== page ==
■one of the letters, which, as I have said, are not evidence, states ^ stMP<Vft"that their shares in the partnership were acquired by the continuingj_
partners. Nor are the other conditionssatisfied. The defendantRdt 'h
company have, against all the parties to . the contract, a very large Macdonaldclaim, which they have set up in reconvention, lfiven if the colomb'oy statements in the letters are evidence,it cannot be definitelyHotels Co.
^concluded that the retired partners haveno beneficial interest in
what is sought to be recovered in thisaction. It is remarkable
—that the second plaintiff and the third plaintiff are among thosewho are said *in the letters to have retired from the partnership,
1 and I suppose that their joining as plaintiffs mean that they did•not give up their beneficial interest, notwithstanding their allegedRetirement. In my opinion it is not possible on these materials tohold that the partners who have not joined as plaintiffs are notnecessary parties. That being so, the plaintiffs, .1 think, shouldtiave availed themselves of the provisions of section 18 of theCivil Procedure Code to bring in the other partners. Undersimilar circumstances, the Privy Council, in Rajandranath Butt v.
Shaik Mohamed Lai,1 remarked: “ The appellants have not on any. occasion sought the assistance of the Court, as they might havedone under section 73 of Act VIII of 1859, to make him a party tothe suit. It was not the province, either of the High Court or theDistrict Judge, to force that course upon him:The objection was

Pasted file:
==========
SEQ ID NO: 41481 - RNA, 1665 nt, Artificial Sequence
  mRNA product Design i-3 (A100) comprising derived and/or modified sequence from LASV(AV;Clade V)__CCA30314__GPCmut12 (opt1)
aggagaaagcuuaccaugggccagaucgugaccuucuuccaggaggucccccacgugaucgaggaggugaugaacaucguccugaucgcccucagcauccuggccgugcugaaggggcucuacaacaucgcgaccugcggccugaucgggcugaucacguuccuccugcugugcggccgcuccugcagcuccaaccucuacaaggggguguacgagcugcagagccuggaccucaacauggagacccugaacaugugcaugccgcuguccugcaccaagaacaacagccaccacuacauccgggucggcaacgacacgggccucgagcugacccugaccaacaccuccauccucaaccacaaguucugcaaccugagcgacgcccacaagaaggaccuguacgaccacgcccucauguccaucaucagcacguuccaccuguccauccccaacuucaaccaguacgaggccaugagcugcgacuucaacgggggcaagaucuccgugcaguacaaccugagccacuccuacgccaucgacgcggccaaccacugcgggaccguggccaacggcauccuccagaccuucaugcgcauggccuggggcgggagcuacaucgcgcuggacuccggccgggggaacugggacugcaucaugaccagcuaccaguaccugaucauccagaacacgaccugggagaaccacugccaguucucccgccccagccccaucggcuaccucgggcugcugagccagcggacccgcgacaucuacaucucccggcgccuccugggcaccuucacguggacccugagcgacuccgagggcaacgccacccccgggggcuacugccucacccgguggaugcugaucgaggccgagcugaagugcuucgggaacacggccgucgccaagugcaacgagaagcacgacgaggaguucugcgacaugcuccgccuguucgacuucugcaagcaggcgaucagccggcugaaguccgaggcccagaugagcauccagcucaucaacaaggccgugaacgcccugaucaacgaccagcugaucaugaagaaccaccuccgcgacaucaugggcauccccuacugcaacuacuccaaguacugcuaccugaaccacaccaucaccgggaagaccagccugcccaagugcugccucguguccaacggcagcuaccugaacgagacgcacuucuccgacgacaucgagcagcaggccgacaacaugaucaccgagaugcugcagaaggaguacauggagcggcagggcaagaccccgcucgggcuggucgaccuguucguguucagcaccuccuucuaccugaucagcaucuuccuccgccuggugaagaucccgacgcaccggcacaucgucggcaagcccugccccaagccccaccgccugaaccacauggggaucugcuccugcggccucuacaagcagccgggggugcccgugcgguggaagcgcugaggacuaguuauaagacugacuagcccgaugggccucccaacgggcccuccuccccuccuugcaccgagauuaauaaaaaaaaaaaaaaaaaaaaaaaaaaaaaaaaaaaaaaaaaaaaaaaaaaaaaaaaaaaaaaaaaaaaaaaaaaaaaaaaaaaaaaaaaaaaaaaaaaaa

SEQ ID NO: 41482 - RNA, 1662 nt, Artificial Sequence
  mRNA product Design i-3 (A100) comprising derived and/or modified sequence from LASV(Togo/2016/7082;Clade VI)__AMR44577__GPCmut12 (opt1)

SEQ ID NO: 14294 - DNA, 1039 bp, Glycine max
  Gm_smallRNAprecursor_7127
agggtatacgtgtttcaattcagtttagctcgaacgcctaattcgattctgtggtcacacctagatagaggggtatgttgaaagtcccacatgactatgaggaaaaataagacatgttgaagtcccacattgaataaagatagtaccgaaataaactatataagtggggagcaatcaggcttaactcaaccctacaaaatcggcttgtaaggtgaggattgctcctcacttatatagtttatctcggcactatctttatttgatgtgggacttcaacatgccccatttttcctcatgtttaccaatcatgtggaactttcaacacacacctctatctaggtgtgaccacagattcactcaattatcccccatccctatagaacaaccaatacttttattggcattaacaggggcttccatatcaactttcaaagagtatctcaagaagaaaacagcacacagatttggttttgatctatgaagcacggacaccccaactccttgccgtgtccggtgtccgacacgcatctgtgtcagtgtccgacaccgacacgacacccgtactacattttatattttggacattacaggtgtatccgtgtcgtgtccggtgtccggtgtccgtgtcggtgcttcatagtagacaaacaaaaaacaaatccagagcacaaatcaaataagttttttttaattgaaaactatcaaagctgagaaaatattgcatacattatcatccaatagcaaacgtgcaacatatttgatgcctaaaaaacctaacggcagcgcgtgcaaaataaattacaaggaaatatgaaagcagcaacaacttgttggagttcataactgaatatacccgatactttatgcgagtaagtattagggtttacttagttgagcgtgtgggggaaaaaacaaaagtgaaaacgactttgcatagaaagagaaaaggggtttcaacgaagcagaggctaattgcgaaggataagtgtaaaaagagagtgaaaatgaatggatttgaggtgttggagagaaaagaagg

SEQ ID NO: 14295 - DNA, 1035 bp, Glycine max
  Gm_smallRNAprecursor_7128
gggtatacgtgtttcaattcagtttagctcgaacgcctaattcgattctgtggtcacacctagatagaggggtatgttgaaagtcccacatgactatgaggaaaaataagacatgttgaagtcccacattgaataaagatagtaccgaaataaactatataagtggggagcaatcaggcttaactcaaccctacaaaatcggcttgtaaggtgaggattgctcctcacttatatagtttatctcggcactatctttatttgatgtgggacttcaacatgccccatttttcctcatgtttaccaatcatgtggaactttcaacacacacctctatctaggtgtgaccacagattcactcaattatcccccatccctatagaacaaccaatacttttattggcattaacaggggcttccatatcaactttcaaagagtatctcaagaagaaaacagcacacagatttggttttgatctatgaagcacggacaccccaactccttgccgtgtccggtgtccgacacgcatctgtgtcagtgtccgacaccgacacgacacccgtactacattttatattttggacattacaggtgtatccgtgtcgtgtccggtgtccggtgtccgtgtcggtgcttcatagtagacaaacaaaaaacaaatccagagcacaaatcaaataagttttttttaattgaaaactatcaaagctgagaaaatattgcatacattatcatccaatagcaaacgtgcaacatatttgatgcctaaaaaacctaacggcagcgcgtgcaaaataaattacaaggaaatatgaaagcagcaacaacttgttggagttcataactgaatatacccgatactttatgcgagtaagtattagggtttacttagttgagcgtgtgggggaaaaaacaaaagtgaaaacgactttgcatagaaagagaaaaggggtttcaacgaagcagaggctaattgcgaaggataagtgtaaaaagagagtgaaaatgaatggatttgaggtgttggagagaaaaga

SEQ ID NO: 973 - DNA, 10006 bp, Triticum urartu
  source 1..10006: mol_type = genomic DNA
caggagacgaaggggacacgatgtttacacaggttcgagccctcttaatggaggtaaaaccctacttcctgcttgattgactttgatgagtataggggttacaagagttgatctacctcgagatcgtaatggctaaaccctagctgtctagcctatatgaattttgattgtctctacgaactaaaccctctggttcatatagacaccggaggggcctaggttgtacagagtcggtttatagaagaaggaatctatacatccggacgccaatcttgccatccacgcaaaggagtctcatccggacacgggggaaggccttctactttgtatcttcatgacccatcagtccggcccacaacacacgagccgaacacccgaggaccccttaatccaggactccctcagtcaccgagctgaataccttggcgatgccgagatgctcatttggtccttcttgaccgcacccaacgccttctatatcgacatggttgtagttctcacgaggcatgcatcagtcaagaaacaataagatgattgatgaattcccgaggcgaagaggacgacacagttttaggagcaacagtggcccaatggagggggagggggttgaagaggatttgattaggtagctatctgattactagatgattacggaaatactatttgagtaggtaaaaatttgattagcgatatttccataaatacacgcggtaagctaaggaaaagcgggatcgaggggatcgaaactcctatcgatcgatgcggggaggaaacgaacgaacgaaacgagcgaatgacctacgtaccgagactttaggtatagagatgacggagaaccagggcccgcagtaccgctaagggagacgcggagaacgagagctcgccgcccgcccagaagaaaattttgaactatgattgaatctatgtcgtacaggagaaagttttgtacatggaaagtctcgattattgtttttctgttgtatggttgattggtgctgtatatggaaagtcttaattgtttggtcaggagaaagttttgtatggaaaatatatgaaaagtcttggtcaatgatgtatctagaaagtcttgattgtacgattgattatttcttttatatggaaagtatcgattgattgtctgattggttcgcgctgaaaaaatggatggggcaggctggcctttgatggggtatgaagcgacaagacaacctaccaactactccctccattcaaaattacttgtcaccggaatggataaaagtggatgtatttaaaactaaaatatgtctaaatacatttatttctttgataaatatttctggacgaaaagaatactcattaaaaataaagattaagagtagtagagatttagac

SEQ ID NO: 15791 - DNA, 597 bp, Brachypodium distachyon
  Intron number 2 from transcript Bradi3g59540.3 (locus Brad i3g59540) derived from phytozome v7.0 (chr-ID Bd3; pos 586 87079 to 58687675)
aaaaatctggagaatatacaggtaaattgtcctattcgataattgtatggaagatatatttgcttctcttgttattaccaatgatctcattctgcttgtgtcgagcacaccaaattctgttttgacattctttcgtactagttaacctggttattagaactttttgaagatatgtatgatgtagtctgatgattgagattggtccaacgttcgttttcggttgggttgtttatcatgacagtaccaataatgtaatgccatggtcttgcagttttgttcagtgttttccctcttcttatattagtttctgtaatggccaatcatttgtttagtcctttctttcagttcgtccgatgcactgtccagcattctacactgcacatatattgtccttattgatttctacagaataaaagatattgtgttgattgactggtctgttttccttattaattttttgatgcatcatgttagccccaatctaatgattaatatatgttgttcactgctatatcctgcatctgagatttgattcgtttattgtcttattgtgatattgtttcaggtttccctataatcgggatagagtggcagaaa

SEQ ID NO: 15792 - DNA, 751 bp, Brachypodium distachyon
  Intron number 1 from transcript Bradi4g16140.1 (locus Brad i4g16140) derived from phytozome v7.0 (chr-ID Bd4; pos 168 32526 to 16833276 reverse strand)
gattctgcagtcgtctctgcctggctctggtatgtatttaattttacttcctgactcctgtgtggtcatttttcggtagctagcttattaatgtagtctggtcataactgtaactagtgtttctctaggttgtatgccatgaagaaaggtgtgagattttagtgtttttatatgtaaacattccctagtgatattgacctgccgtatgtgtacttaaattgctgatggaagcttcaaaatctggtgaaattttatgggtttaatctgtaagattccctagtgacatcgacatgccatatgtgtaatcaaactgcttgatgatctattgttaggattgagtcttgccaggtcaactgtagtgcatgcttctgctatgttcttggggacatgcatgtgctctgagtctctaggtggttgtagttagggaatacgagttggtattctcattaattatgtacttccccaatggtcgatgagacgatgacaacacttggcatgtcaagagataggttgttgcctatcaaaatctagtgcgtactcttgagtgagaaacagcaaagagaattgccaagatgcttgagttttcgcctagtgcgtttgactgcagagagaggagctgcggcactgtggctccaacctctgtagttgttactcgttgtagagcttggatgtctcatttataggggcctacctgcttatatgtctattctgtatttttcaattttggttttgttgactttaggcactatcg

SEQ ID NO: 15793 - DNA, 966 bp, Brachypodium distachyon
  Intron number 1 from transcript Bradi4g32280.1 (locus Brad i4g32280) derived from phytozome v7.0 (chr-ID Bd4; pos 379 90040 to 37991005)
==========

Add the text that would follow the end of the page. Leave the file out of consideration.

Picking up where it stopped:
clearly taken, and they, from motives of their own, deliberatelyabstained from making him a party to the suit." Their Lordshipsaccordingly affirmed the judgment of dismissal which had beenentered on the ground of non-joinder. Similarly, in Banda v.
Lapayar Clarence J., referring to the wording of section 17 of ourCode, said: " I take the meaning of that to be that when a non-joinder is apparent, in the' face of which the Court cannot proceed,the Court, instead of dismissing the plaintiff’s action, should allowthe plaintiff to add parties. Here the plaintiffs make no proposalto add the missing co-shareholder as a party," and on that groundthe Supreme Court refused to interfere with a decree of dismissal ofthe action. Here the District Judge allowed the plaintiff to add themissing partners as parties. I think his order is substantially right,but I agree to the modification suggested by my brother Shaw andto the order as to costs.
Set aside.

1 (1881) I. L. B. 8 Cal. 42.
2 (1891) 1 S. C. B. 98.